Image of patient 1. The large white area represents the anterior floor-of-mouth primary tumor with considerable background radioactivity. The 3 sentinel lymph nodes can be identified in the right neck (circled in red).
Hart RD, Henry E, Nasser JG, Trites JR, Taylor SM, Bullock M, Barnes D. Sentinel Node Biopsy in N0 Squamous Cell Carcinoma of the Oral Cavity and Oropharynx in Patients Previously Treated With Surgery or Radiation TherapyA Pilot Study. Arch Otolaryngol Head Neck Surg. 2007;133(8):806-809. doi:10.1001/archotol.133.8.806
To assess the feasibility of sentinel lymph node (SLN) localization and to determine the predictive value of SLN biopsy for occult neck metastases in patients previously treated with surgery or radiation therapy and with N0 squamous cell carcinoma of the oral cavity or oropharynx.
Prospective case series.
Tertiary academic hospital.
Eleven patients with T1 to T4 N0 squamous cell carcinoma of the oral cavity or oropharynx.
Patients underwent preoperative peritumoral injection of technetium Tc 99m sulfur colloid followed by dynamic lymphoscintigraphy and operative localization of the SLN(s) with the use of a handheld gamma probe.
Main Outcome Measures
The presence or absence of metastatic disease in N0 squamous cell carcinoma of the oral cavity and oropharynx in patients previously treated with surgery or radiation therapy as identified by SLN biopsy findings.
In each of the 11 patients, 1 to 3 SLNs were identified by lymphoscintigraphy. All SLNs identified by lymphoscintigraphy were successfully identified and removed with the use of an intraoperative gamma probe. In 10 of the 11 patients, the biopsy findings from the SLN(s) accurately predicted the presence or absence of occult neck metastasis. There was 1 instance of a negative SLN with a positive neck dissection. The overall negative predictive value of the study was 91%. No aberrant lymphatic drainage patterns were observed in this study.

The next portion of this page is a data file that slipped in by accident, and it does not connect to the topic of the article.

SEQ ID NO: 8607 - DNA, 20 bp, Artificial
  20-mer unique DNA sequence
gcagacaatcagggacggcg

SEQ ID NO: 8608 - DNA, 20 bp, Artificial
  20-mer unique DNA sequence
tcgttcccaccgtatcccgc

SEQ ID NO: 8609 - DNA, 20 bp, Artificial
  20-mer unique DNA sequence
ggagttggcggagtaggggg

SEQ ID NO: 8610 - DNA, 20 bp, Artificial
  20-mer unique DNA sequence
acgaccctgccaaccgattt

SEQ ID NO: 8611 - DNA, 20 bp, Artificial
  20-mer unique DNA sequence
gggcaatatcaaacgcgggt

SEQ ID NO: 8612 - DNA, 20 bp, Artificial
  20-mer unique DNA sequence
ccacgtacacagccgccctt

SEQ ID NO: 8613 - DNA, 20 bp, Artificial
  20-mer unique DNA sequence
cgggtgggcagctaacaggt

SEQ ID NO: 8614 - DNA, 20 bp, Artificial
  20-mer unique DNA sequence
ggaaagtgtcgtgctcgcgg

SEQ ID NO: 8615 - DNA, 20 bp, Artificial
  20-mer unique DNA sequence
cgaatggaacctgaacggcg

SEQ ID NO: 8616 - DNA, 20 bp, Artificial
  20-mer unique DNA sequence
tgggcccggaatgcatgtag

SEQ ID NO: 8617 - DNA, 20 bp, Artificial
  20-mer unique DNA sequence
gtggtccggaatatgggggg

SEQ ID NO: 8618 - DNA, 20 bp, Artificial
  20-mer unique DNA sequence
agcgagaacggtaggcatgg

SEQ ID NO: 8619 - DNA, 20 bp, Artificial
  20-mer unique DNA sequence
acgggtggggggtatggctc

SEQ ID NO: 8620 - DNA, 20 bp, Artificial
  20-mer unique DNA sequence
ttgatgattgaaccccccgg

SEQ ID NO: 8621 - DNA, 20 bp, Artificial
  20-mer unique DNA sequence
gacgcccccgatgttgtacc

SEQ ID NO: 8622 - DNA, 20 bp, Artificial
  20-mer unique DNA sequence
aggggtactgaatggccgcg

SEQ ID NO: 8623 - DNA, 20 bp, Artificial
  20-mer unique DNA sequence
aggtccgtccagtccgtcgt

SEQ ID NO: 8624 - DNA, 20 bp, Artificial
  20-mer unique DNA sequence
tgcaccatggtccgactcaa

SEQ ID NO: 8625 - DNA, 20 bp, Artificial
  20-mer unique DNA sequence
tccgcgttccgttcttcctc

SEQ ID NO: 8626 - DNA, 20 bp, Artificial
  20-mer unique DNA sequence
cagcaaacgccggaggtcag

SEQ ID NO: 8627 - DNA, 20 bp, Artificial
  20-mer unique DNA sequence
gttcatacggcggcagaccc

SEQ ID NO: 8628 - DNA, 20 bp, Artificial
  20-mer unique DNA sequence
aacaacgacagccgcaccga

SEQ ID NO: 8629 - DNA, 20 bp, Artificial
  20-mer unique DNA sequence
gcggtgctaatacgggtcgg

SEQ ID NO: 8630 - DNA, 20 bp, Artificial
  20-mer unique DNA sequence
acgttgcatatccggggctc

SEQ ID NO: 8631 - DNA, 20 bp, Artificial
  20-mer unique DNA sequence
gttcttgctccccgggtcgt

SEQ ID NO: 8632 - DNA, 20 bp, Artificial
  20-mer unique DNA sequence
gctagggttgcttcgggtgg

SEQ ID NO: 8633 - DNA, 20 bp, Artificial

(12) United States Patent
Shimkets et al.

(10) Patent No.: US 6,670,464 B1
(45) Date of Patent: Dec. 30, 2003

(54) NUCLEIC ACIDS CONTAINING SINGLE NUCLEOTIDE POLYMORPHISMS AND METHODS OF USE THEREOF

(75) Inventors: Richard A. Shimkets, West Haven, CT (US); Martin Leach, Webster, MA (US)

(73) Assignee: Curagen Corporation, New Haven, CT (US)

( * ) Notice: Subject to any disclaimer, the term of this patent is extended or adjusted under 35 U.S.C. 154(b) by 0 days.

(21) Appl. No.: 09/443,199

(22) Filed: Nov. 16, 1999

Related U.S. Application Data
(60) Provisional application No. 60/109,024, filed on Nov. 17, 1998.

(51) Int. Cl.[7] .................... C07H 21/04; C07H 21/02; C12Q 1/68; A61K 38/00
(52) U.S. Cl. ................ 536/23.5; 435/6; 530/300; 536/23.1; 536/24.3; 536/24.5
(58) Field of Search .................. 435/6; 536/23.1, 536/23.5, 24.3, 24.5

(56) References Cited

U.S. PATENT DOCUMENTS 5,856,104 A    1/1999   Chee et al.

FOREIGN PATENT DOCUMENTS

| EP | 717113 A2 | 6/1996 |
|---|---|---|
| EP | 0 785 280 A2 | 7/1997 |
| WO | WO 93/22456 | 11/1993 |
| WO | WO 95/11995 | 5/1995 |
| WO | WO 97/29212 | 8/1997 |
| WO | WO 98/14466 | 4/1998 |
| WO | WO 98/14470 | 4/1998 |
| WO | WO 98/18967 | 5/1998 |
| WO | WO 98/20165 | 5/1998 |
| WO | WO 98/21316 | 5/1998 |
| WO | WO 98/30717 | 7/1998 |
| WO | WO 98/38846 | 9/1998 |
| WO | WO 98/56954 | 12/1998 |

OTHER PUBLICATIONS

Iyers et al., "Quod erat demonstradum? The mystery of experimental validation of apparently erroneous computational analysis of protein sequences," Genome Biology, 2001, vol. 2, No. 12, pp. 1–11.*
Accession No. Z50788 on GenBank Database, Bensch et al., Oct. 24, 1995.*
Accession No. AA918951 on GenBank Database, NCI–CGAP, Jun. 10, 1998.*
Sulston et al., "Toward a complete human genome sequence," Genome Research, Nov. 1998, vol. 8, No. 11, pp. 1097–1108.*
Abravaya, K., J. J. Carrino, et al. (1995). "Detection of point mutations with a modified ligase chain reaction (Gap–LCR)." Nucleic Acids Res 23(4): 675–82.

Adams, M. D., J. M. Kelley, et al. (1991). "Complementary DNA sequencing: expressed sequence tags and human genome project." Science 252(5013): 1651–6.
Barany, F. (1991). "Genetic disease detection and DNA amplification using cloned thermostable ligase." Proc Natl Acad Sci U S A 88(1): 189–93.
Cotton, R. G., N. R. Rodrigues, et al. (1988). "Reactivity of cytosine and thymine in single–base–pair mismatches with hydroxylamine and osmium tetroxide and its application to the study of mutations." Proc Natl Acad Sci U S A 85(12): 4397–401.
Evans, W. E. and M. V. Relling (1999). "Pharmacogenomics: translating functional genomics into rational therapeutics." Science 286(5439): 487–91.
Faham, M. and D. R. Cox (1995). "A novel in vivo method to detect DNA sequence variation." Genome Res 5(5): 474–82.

In patients previously treated with surgery or radiation therapy, SLN biopsy was as effective as in previously untreated patients according to published reports and warrants inclusion of this patient group into larger studies.
Squamous cell carcinoma (SCC) is the most common malignancy of the upper aerodigestive tract. The presence of malignant cells in the lymph nodes is a major prognostic factor for patient outcome; lymph node metastasis decreases the chance of survival by at least 50%.1 Therefore, a critical role in the care of the patient with head and neck disease is the determination of whether the disease has metastasized to the neck.
Since Cabanas2 first described the theory in 1977, the use of sentinel lymph node (SLN) biopsy to predict locoregional metastases has considerably expanded. The use of SLN biopsy is standard care in the treatment of cutaneous melanoma and breast cancer and is gaining acceptance in the treatment of oral and oropharyngeal SCC. Multiple authors3- 12 have described this technique and its use for oral and oropharyngeal SCC. The published results of a recent international conference on SLN biopsy in mucosal head and neck cancer found the negative predictive value of a negative SLN to be 96%.13